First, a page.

October 2017 - HIKING
Photos © Dave Kraus / krausgrafik.com
OK Slip Falls
By Dave Kraus
If you’re looking for an autumn foliage season adventure that will show you two of the most outstanding scenic spots in the Adirondacks, it’s hard to go wrong seeking out OK Slip Falls and the Hudson River Gorge. Both are part of the Hudson Gorge Wilderness area, composed mostly of land the state purchased from the Nature Conservancy in 2013 after they had bought it from Finch, Pruyn & Co. in 2007.
The gorge itself will be familiar to anyone who has taken a rafting trip down the Hudson River in the area. But OK Slip Falls and its spectacular drop of over 100 feet was off limits to the public for over a century, visible only from the summit of Kettle Mountain on the north side of the river, and that vantage point could only be reached by a long bushwhack.
But in July of 2014 the DEC opened a new trail to an overlook that gives a stunning view of OK Slip Falls as it plunges into the gorge. The falls is named for the phrase that loggers used to yell to warn that logs were about to come over the dam and slide down the slip to the Hudson to move down stream... “OK, Slip!”
Your expedition could hardly begin with less excitement. The small, nondescript parking area on NY Route 28 is marked only with a brown DEC sign. It’s just shy of ten miles west of the Route 28/28N intersection in North Creek, and 7.5 miles east of the Route 30/28 junction in Indian Lake.
To reach the trail, walk 0.2-mile west on Route 28 and cross the road to the trail marked by another brown sign, where you can register and start into the woods. This trail marked with red DEC discs may start out muddy, but wooden boardwalks traverse the worst spots. After a half-mile you will turn right onto the similarly marked blue trail that will take you the remaining 2.5 miles to the falls overlook.
These woods are deep, and marked with a spectacular palette during the few weeks of peak fall color. Red maple, beech, birches, aspens, white pine, and eastern hemlock all fill the forest, and the underbrush adds its own fall display. The trail rolls gently up and down as it passes a marshy pond drained by a small stream. Farther along, a fallen tree is almost completely covered with giant tan mushrooms that make it resemble a buffet of roasted potato chips.
After 1.4 miles on this blue trail, you will come to a dirt road that leads to the Northern Frontier boy’s camp on private land near OK Slip Pond, which is also private. Turn left on the road and go several hundred feet to another sign that will direct you to the right and back into the woods on an old forest road. After a half-mile or so it again narrows into a trail.
Eventually you will come to another intersection, and you will start to hear the roaring of the falls across the deep ravine, still hidden behind the trees. Stay to the right, descend for a bit, and you will reach the several ledges and breaks in the forest cover that will finally show you what you’ve come to see. As you arrive, keep in mind that you are on the edge of a cliff, and keep a sharp lookout if you have brought small children or pets with you!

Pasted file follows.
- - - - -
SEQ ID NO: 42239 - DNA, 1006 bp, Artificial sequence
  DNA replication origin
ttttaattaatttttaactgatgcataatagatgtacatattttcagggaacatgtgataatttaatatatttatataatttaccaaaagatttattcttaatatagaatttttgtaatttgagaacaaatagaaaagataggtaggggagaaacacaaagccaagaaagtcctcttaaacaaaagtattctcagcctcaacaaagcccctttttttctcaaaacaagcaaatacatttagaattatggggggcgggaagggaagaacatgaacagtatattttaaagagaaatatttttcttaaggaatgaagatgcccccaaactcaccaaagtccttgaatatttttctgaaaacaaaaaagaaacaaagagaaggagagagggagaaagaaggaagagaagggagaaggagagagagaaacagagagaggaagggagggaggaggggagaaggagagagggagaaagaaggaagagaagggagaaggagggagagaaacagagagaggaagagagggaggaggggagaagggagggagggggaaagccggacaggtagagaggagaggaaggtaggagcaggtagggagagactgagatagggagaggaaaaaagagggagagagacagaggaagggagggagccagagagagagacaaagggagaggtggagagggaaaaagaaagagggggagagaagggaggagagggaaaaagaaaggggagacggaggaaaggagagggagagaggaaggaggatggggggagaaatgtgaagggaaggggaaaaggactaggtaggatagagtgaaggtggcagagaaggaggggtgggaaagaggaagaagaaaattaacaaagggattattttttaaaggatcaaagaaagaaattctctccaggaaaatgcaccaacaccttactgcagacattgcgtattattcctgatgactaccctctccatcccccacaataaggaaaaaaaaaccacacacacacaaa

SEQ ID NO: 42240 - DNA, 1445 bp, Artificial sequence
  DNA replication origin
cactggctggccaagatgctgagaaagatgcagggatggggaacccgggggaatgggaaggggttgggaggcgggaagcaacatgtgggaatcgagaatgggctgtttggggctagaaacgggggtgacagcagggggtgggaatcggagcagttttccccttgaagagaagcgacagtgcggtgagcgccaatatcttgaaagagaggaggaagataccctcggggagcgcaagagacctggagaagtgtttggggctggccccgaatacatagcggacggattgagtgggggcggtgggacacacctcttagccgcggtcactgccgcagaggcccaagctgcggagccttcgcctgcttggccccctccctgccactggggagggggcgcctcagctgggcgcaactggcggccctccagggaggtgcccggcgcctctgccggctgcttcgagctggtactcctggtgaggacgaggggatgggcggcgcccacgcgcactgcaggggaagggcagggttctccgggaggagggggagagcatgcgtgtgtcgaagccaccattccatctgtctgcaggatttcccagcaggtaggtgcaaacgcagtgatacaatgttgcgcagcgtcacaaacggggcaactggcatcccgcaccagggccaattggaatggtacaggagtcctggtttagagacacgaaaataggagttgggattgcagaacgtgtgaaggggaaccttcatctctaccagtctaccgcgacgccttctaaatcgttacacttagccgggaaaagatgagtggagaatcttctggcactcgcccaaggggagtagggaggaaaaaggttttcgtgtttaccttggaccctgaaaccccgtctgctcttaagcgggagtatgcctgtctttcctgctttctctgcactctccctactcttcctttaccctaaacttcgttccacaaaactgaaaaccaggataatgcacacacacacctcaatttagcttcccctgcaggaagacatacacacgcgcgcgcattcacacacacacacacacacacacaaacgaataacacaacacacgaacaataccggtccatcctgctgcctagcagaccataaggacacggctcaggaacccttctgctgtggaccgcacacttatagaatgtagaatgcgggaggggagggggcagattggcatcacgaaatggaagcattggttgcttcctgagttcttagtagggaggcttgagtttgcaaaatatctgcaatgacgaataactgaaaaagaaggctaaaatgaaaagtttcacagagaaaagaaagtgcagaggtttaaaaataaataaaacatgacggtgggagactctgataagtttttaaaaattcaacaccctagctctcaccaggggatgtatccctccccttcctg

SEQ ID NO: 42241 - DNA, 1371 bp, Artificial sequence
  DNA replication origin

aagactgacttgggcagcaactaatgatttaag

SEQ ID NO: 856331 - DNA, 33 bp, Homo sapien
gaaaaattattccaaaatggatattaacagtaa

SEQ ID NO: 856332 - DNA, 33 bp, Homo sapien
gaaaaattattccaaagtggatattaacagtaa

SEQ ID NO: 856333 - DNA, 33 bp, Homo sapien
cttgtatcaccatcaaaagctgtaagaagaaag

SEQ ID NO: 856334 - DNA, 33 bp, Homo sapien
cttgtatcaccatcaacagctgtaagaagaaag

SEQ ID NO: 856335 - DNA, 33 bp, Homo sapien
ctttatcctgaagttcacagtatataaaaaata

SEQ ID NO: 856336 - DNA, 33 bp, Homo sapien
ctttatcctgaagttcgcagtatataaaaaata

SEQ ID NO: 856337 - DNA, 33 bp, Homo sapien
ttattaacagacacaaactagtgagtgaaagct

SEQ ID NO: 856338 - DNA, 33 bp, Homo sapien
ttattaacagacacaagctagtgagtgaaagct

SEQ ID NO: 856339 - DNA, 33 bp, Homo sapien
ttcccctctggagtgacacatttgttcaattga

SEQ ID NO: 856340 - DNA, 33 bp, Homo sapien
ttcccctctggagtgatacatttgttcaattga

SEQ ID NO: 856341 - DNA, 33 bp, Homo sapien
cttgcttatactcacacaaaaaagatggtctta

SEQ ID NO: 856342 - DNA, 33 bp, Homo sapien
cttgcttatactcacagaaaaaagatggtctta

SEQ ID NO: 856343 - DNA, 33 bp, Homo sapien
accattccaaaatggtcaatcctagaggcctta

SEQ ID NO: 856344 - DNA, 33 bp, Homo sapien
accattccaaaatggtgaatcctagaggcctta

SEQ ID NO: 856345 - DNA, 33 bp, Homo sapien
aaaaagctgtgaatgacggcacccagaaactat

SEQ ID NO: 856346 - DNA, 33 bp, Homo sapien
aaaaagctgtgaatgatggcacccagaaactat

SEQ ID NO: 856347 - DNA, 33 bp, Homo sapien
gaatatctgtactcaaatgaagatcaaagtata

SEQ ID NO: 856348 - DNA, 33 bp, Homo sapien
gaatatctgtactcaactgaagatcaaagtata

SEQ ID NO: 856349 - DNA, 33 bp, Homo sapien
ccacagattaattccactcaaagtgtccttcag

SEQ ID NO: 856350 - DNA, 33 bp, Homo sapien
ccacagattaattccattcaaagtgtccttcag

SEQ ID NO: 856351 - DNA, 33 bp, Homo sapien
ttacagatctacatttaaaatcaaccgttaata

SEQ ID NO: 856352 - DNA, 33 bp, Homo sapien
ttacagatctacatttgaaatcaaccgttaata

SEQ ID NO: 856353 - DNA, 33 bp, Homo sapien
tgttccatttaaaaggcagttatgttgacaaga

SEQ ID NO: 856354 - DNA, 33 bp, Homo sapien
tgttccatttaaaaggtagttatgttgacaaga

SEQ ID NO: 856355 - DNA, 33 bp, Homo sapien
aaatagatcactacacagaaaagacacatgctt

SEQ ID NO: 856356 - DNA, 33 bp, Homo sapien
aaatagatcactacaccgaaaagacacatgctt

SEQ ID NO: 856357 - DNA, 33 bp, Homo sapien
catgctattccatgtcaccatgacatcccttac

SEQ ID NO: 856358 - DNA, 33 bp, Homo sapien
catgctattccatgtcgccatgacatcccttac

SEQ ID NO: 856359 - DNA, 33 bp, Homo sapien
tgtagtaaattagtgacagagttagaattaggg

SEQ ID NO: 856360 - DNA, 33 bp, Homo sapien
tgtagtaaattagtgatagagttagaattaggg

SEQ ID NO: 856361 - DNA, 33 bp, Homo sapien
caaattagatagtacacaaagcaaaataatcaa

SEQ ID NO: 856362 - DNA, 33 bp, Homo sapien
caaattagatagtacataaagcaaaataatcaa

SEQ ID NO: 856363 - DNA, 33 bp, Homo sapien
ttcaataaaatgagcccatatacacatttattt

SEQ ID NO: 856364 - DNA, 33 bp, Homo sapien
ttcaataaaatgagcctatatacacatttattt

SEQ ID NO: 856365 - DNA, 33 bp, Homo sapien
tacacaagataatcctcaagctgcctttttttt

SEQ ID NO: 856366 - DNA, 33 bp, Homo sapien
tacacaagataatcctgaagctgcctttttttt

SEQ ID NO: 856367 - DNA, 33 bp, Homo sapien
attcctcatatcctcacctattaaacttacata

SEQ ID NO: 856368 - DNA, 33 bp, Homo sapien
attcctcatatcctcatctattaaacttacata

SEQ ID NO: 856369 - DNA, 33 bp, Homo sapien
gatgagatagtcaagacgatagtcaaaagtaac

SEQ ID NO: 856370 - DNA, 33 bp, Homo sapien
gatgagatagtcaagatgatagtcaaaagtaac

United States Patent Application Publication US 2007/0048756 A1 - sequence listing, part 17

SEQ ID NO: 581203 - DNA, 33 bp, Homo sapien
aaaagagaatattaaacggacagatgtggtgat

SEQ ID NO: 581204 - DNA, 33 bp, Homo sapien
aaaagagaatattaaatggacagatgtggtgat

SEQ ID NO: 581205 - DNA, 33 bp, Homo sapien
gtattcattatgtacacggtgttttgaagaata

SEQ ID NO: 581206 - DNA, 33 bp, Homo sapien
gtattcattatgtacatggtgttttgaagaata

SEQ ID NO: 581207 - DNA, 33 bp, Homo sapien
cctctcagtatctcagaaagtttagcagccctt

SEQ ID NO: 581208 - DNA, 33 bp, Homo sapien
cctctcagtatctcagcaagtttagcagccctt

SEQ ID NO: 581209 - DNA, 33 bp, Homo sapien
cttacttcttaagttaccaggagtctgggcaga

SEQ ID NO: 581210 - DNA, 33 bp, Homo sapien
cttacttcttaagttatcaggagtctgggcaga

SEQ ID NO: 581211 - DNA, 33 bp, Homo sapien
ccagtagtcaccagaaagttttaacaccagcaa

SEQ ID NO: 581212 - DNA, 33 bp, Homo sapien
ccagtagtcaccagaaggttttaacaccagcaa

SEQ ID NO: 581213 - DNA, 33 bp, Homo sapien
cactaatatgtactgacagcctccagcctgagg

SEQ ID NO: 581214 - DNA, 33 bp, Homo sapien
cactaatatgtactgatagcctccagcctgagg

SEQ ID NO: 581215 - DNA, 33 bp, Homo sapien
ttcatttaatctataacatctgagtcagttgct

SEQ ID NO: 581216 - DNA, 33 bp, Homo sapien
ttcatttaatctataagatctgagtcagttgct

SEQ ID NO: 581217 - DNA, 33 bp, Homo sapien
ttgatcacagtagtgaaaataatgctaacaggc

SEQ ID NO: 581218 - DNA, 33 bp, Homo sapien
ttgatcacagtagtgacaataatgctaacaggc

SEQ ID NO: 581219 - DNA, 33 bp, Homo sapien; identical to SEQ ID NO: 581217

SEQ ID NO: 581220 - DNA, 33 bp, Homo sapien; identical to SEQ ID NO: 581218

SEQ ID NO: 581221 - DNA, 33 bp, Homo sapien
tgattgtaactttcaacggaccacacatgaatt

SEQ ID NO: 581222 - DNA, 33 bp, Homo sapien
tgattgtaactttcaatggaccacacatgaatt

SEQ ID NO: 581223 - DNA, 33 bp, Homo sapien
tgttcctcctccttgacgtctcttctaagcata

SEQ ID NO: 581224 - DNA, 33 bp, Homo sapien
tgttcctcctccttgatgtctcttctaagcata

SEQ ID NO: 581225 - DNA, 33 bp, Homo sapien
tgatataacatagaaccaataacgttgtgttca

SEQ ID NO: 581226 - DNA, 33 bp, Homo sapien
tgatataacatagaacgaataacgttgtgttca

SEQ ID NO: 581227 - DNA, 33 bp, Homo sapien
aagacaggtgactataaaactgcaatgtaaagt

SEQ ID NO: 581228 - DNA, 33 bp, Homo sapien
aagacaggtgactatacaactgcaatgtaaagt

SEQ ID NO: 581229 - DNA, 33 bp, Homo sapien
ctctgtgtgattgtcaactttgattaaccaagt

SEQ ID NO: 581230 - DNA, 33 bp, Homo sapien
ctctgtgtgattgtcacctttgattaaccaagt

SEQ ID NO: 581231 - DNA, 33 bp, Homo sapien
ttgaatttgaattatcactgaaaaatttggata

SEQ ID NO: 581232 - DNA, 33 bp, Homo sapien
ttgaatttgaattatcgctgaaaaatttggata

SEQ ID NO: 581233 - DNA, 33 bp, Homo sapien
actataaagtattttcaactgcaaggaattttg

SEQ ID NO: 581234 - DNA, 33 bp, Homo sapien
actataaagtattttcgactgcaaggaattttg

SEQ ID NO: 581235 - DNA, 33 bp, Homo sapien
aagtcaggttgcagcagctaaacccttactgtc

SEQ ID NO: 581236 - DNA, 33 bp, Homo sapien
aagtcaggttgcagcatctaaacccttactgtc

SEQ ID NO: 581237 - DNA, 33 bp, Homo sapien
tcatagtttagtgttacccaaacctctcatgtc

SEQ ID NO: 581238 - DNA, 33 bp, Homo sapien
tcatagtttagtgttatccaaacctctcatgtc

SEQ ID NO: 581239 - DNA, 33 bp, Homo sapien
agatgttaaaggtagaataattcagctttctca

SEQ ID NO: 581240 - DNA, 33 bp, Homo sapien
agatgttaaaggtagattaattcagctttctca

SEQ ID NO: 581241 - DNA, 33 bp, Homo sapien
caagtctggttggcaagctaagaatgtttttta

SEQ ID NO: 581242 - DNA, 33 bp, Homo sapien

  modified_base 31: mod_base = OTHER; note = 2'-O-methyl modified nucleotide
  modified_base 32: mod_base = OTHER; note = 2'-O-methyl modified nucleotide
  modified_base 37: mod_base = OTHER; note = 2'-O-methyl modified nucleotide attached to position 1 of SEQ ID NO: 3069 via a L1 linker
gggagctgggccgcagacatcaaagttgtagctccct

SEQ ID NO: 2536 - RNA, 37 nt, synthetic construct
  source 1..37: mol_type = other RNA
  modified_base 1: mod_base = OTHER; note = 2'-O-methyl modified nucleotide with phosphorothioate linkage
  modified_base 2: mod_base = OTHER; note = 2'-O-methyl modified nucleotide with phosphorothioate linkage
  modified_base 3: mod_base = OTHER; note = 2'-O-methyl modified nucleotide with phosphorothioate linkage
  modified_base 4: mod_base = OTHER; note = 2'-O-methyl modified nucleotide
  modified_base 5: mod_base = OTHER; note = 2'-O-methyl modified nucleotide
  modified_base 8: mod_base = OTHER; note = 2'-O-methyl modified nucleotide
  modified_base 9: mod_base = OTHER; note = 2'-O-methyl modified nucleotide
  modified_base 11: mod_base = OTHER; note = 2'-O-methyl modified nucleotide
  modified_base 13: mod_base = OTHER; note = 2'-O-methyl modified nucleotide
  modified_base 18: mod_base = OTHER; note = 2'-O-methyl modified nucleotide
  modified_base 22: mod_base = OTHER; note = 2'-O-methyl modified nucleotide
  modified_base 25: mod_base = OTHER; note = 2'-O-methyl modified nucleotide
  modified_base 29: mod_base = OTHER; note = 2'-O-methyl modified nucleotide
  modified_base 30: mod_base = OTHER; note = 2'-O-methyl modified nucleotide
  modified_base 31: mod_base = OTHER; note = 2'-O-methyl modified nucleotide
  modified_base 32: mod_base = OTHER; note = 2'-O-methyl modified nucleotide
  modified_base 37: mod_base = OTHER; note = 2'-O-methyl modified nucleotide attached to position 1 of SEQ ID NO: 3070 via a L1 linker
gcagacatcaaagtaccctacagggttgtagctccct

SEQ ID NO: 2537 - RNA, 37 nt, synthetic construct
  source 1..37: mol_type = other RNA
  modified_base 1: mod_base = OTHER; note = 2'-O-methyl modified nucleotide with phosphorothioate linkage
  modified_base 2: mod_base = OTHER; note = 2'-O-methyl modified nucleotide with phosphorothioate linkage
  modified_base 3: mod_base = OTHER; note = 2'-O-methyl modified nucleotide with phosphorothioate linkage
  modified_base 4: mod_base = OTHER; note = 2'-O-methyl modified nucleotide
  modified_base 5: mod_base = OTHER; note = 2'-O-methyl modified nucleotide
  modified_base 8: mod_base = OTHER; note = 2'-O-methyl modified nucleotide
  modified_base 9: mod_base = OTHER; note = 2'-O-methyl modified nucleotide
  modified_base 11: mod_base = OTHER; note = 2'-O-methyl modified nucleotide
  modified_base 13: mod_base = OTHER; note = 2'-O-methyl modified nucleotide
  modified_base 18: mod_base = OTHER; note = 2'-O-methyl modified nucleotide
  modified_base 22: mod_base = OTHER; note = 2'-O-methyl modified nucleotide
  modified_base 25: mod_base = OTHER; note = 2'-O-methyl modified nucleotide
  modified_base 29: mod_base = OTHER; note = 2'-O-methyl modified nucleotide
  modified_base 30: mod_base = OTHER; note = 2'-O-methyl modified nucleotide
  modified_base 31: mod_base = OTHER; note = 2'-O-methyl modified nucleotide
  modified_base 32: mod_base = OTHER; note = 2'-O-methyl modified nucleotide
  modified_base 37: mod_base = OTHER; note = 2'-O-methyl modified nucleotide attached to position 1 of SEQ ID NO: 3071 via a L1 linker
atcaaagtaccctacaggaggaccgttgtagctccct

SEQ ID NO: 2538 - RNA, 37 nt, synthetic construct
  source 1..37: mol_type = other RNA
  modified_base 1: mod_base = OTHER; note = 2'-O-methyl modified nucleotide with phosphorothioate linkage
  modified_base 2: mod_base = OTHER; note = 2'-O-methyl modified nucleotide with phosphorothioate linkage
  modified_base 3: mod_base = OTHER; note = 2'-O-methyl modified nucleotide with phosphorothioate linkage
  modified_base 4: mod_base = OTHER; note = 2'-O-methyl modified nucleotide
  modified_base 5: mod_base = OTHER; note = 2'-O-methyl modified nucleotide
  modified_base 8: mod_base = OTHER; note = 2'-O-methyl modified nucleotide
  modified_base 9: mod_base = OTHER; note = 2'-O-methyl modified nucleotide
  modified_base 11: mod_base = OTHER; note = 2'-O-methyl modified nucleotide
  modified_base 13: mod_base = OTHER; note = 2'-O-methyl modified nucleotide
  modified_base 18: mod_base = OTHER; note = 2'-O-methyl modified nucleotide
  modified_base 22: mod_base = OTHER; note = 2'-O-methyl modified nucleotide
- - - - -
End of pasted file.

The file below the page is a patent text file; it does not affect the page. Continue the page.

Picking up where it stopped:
The falls across the gorge from you are a stunning sight, framed with the reds and golds of autumn, contrasted with the dark green of the pines. The cascade drops over 100 feet in a single giant shower of spray onto a base made of giant boulders. Many are six to eight feet tall, but look tiny compared to the towering cliff above them. The falls face east, so if photography is your goal, start your hike early in the morning so the falls will be lit by the morning sun.
The trail continues down into the ravine below the falls, but it becomes extremely steep and hazardous. In the summer of 2015 this trail bore a “closed” sign, and while this had disappeared by October of 2016, make no mistake – this is a dangerous climb down and back up, and should not be attempted with children and/or without proper equipment.
Turn back the way you came, and at the intersection you passed earlier, turn right to make the 0.8-mile side trip down into the gorge to the banks of the Hudson. The trail descends and crosses a wooden footbridge, where you can look downstream, and see the rushing waters flowing over the brink of the falls. If you want to venture closer, keep in mind again that this is a sheer cliff dropping 100 feet onto jagged rocks below. Use extreme care!
Continue down the descending trail and you will reach the shallow, sandy beach of the banks of the Hudson River, as it plunges down the gorge. Here, too, the brilliant colors of fall frame the river in a mantle of gold. You may meet a rafting group pulled up on the beach for lunch. But if you are lucky, you will have the place to yourself, and be able to savor the solitude, listen to the flowing rapids, and contemplate the rounded boulders that create them. How many thousands, or even millions, of years has it taken for the river to wear them into the sleek, oval shapes you’re seeing now?
This is where your adventure ends, aside from whatever new sights you may see as you return to the parking lot. So turn and climb back up from the river and return the way you came. As you cross the footbridge again above the falls, think again of how many millennia it has taken for this stream to create the gorge that you have had the opportunity to gaze into.
Dave Kraus (email@example.com) of Schenectady is a longtime area cyclist, photographer and writer. Visit his website at krausgrafik.com.